The Progressive Era signaled the beginning of a new philosophical thread that dominated the 20th century. The following video from The Heritage Foundation course "America's Two Regimes" provides a terrific overview of the tension between Constitutional philosophy versus Progressive philosophy. Lecture One: America’s Two Regimes by David Azerrad, Ph.D.
"I want the people of America to be able to work less for the government - and more for themselves. I want them to have the rewards of their own industry. This is the chief meaning of freedom. Until we can reestablish a condition under which the earnings of the people can be kept by the people, we are bound to suffer a very severe and distinct curtailment of our liberty."
After years of progressivism and racism under Woodrow Wilson, the conservative rebound under Coolidge was refreshing!
Amity Schlaes on Coolidge
Professor Dave explains Coolidge
"The suggestion of denying any measure of their full political rights to such a great group of our population as the colored people is one which, however it might be received in some other quarters, could not possibly be permitted by one who feels a responsibility for living up to the traditions and maintaining the principles of the Republican Party. Our Constitution guarantees equal rights to all our citizens, without discrimination on account of race or color. I have taken my oath to support that Constitution. It is the source of your rights and my rights. I propose to regard it, and administer it, as the source of the rights of all the people, whatever their belief or race." (Calvin Coolidge, "Letter to Mr. Charles F. Gardner," Fort Hamilton, New York, August 9, 1924) https://www.coolidgefoundation.org/resources/speeches-as-president-1923-1928-8/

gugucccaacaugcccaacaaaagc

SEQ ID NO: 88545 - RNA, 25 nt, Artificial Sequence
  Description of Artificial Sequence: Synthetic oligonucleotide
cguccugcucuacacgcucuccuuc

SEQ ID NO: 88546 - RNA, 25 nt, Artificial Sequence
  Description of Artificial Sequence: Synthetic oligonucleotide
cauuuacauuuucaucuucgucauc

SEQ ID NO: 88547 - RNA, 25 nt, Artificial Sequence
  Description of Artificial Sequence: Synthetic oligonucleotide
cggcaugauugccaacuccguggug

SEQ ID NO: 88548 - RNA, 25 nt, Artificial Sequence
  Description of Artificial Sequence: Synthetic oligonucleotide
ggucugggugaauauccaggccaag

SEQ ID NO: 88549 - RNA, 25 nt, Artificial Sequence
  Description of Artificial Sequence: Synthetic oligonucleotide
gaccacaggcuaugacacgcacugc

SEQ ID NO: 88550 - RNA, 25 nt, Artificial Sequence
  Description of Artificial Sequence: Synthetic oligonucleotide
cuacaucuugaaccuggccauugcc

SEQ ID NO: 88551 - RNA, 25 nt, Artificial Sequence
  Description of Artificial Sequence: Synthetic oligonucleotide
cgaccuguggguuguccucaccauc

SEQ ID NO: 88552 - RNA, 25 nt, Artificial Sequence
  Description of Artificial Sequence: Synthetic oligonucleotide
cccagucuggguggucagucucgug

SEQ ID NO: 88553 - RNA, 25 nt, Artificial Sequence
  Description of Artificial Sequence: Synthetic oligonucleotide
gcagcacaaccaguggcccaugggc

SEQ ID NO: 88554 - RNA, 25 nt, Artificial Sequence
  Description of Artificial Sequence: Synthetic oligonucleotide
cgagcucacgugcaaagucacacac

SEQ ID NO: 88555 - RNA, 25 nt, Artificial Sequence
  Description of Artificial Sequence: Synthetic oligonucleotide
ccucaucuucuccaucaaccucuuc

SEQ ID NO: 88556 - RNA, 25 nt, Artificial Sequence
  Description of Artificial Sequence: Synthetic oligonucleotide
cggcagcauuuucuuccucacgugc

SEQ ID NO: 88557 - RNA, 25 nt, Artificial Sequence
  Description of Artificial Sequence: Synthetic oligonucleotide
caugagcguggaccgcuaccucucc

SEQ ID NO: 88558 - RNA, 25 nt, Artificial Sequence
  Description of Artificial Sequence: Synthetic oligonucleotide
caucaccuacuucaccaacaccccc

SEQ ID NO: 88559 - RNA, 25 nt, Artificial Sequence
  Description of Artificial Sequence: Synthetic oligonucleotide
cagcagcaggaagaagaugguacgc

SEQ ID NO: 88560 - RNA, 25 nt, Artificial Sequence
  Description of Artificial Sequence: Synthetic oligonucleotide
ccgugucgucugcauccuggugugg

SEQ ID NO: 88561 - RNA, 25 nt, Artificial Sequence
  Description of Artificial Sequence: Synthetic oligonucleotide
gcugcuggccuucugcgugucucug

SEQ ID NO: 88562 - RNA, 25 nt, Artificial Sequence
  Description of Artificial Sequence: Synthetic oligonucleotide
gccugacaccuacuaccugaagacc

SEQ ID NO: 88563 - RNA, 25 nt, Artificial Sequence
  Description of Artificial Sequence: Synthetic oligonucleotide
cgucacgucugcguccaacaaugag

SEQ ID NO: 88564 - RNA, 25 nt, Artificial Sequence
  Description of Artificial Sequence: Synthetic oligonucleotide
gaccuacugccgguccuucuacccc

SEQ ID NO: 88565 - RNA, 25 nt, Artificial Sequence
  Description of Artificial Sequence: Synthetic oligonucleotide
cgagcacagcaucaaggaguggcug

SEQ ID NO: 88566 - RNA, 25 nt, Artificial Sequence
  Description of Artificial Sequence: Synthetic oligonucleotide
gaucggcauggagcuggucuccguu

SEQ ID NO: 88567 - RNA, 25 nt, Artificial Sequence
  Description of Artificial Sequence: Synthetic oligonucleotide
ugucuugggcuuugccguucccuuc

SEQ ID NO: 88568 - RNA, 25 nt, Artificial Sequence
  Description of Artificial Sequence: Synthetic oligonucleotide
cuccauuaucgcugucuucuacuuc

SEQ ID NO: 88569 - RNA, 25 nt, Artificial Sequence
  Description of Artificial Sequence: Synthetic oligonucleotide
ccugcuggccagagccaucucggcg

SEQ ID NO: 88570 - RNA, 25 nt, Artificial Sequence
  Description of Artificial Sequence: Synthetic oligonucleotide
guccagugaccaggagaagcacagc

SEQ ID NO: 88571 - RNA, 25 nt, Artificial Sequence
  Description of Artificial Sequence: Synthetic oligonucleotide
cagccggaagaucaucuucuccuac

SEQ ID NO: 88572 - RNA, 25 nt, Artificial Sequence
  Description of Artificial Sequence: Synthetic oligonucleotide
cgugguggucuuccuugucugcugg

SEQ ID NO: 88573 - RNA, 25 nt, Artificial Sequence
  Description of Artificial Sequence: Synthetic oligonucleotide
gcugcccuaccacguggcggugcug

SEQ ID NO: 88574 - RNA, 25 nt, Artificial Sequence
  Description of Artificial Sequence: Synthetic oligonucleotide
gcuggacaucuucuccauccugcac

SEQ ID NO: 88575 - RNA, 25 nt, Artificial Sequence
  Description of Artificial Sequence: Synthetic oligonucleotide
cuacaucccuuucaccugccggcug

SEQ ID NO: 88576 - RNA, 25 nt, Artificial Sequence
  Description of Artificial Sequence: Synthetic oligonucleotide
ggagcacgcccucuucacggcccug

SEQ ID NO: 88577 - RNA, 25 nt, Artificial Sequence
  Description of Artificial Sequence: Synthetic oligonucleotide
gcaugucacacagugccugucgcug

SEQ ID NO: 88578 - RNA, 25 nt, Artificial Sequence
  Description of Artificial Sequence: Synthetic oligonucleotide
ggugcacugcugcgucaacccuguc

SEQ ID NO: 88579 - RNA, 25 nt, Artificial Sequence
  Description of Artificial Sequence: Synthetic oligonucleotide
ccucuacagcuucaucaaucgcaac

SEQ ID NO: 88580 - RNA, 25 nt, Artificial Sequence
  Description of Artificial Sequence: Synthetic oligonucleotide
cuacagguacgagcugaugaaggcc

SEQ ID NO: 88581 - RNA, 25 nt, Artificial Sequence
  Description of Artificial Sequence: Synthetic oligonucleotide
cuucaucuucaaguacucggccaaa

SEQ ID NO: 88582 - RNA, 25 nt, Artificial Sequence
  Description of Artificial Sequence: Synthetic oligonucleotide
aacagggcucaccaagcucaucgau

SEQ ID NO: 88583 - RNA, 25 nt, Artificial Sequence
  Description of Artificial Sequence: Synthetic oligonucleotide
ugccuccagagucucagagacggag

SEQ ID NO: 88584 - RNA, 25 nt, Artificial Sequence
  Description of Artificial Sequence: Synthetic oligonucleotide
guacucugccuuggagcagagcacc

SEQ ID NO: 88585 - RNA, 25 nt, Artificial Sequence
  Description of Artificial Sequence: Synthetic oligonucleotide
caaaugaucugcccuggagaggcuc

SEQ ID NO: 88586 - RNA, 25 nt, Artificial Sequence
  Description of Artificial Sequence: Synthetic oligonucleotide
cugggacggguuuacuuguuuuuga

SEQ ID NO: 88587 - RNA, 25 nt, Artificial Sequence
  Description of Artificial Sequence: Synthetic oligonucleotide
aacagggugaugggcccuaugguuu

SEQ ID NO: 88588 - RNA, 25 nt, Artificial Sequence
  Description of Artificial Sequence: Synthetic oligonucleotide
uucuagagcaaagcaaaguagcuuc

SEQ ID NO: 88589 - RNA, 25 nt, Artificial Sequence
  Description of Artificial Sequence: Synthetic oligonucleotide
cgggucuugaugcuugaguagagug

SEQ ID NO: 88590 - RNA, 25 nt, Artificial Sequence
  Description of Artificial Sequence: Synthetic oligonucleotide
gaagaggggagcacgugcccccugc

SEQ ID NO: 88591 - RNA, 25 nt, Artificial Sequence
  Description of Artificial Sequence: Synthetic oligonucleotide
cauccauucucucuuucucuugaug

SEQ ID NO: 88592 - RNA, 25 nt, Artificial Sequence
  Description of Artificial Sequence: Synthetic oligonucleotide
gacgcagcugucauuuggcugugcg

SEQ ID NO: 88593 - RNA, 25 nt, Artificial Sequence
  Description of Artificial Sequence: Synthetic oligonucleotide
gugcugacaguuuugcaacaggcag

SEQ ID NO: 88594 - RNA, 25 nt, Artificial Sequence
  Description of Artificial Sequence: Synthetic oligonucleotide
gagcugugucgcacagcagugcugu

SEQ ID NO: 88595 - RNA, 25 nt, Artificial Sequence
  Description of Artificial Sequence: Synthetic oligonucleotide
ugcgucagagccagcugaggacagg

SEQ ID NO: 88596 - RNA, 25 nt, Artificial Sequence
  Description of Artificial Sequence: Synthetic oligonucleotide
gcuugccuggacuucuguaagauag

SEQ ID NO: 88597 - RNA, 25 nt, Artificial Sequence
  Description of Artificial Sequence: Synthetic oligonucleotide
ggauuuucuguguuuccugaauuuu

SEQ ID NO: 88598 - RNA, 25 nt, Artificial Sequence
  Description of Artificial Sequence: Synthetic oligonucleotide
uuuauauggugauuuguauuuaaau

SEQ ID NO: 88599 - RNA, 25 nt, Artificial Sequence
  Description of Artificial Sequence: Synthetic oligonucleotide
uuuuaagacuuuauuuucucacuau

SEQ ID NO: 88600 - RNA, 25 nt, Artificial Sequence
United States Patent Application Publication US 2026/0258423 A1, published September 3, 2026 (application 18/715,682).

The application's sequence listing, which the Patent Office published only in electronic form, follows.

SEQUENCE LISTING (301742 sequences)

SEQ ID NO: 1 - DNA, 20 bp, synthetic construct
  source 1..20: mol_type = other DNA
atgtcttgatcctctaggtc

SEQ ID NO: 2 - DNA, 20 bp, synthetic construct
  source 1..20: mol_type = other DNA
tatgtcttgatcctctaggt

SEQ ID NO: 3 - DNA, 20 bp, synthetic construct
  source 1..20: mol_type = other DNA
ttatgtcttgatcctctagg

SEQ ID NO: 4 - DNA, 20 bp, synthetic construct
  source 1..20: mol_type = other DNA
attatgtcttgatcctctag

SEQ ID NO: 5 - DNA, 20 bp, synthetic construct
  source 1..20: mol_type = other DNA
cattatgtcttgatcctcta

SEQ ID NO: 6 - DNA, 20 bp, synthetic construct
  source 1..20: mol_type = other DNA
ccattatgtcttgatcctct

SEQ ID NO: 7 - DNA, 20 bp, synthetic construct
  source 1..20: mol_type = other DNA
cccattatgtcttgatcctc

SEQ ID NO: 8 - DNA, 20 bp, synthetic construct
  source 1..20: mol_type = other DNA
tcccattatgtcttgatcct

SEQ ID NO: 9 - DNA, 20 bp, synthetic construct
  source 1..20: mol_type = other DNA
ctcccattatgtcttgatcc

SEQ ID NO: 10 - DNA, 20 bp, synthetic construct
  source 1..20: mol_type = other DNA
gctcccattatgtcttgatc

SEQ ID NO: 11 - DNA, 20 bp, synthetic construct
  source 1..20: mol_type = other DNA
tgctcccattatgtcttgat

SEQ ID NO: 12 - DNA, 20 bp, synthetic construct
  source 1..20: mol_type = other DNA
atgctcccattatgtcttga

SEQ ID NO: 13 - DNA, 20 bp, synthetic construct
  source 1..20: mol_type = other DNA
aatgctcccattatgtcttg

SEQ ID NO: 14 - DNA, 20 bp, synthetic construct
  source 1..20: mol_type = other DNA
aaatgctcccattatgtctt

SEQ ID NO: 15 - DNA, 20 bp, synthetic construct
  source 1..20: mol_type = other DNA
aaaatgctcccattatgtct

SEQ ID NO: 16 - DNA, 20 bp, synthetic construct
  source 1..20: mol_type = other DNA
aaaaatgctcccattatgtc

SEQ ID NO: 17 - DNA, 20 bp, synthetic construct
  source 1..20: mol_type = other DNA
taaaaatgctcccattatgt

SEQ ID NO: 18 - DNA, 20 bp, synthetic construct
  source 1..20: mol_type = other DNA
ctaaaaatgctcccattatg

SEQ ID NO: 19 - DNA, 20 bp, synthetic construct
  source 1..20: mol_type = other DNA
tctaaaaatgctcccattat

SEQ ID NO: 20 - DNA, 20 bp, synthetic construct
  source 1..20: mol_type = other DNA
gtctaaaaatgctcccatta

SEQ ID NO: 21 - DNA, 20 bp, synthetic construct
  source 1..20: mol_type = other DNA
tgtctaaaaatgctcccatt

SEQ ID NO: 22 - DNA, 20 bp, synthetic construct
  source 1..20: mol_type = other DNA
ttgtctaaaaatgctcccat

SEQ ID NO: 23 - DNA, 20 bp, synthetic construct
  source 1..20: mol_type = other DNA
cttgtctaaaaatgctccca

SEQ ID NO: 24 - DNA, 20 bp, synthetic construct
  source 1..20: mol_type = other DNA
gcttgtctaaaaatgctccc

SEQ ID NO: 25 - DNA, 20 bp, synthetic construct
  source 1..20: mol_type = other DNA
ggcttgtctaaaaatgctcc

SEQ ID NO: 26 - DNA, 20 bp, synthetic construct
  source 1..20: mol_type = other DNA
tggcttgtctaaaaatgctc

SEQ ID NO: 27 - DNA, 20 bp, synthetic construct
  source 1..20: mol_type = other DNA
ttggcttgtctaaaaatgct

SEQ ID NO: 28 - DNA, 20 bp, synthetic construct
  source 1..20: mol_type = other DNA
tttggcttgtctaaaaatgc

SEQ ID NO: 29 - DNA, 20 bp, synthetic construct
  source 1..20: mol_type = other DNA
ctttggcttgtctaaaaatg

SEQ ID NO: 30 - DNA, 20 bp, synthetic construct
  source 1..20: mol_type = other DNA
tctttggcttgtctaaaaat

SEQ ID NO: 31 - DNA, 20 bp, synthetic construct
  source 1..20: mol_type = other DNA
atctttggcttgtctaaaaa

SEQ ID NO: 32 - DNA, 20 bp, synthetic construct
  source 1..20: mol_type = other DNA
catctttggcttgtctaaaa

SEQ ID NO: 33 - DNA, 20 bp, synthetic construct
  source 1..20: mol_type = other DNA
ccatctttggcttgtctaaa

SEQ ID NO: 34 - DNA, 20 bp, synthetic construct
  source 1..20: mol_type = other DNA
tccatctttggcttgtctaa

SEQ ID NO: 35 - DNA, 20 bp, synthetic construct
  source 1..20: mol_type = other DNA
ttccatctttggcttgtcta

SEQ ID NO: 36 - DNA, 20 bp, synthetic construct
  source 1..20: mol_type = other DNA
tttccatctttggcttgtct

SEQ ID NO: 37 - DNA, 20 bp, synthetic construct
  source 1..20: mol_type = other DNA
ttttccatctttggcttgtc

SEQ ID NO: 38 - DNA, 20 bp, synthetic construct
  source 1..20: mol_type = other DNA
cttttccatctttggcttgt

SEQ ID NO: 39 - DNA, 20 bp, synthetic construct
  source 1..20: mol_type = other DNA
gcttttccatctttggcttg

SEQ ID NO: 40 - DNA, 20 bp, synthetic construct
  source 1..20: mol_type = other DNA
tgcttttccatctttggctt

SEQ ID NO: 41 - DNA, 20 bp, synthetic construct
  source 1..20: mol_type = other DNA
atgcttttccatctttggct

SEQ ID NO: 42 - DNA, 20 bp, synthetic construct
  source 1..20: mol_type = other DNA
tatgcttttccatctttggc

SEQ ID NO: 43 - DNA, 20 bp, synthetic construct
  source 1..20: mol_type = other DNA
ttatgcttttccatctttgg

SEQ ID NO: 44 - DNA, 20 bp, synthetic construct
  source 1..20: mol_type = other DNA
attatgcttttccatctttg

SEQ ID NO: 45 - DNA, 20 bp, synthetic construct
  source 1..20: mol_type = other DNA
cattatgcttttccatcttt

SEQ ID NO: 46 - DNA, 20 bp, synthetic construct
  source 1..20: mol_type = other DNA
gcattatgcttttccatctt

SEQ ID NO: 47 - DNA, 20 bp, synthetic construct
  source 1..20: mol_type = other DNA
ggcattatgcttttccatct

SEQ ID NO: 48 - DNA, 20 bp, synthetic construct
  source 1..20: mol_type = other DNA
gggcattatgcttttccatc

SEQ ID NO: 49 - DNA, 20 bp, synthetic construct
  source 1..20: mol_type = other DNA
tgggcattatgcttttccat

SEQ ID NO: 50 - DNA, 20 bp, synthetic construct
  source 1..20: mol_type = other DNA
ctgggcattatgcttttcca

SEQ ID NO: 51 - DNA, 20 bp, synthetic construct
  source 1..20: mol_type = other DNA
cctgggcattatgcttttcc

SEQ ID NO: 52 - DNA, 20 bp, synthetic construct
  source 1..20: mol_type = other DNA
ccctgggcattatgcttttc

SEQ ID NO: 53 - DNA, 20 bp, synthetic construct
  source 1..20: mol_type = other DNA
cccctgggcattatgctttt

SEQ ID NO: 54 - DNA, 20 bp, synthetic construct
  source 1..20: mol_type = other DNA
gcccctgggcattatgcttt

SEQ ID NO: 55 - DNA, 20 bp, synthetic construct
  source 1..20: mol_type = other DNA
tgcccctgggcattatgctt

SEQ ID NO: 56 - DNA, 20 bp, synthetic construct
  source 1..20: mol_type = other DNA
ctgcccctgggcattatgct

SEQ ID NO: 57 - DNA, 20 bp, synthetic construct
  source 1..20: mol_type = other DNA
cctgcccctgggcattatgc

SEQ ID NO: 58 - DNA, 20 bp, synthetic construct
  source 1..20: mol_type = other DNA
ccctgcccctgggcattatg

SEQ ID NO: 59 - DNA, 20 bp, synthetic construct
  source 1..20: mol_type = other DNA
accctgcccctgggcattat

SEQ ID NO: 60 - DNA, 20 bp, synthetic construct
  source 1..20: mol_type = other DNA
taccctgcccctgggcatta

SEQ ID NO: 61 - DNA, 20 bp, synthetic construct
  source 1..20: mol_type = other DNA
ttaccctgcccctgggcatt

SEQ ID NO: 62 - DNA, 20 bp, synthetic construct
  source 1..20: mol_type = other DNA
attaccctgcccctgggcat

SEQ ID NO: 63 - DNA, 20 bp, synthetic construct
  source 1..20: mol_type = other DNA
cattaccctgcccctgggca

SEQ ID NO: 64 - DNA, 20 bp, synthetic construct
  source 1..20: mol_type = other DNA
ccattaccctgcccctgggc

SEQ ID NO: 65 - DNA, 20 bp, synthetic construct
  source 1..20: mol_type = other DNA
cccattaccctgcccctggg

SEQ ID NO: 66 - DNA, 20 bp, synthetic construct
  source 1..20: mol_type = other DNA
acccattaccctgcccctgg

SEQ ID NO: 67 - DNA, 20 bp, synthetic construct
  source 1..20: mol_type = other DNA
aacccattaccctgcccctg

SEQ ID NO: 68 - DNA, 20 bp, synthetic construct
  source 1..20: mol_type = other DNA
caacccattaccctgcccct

Near the end of World War II, FDR proposed a "Second Bill of Rights" that would fundamentally transform the nature of rights. He believed that people should have rights to have certain things provided to them by the State! (A right to get something from the government is a "positive right." It means that others have a duty to provide something to you.) This signaled a 180 turn from the Constitutional view of rights as articulated in the Bill of Rights. According the founding principles, people have natural, inherent rights to life, liberty, and property, and the Bill of Rights was designed to protect people from the government encroaching upon these pre-existing, inherent rights. (A right to be protected from encroachment is a "negative right." It means that others have a duty to refrain from infringing on your life, liberty, or property.) FDR was proposing a new definition of rights that placed a duty on some to provide something to others. Thus, FDR's approach involved a perspective toward rights that would deny some people their natural rights while providing nice things to others in exchange for votes.
Reagan Bush Era
The Triumph of Progressivism - The culmination of Progressive education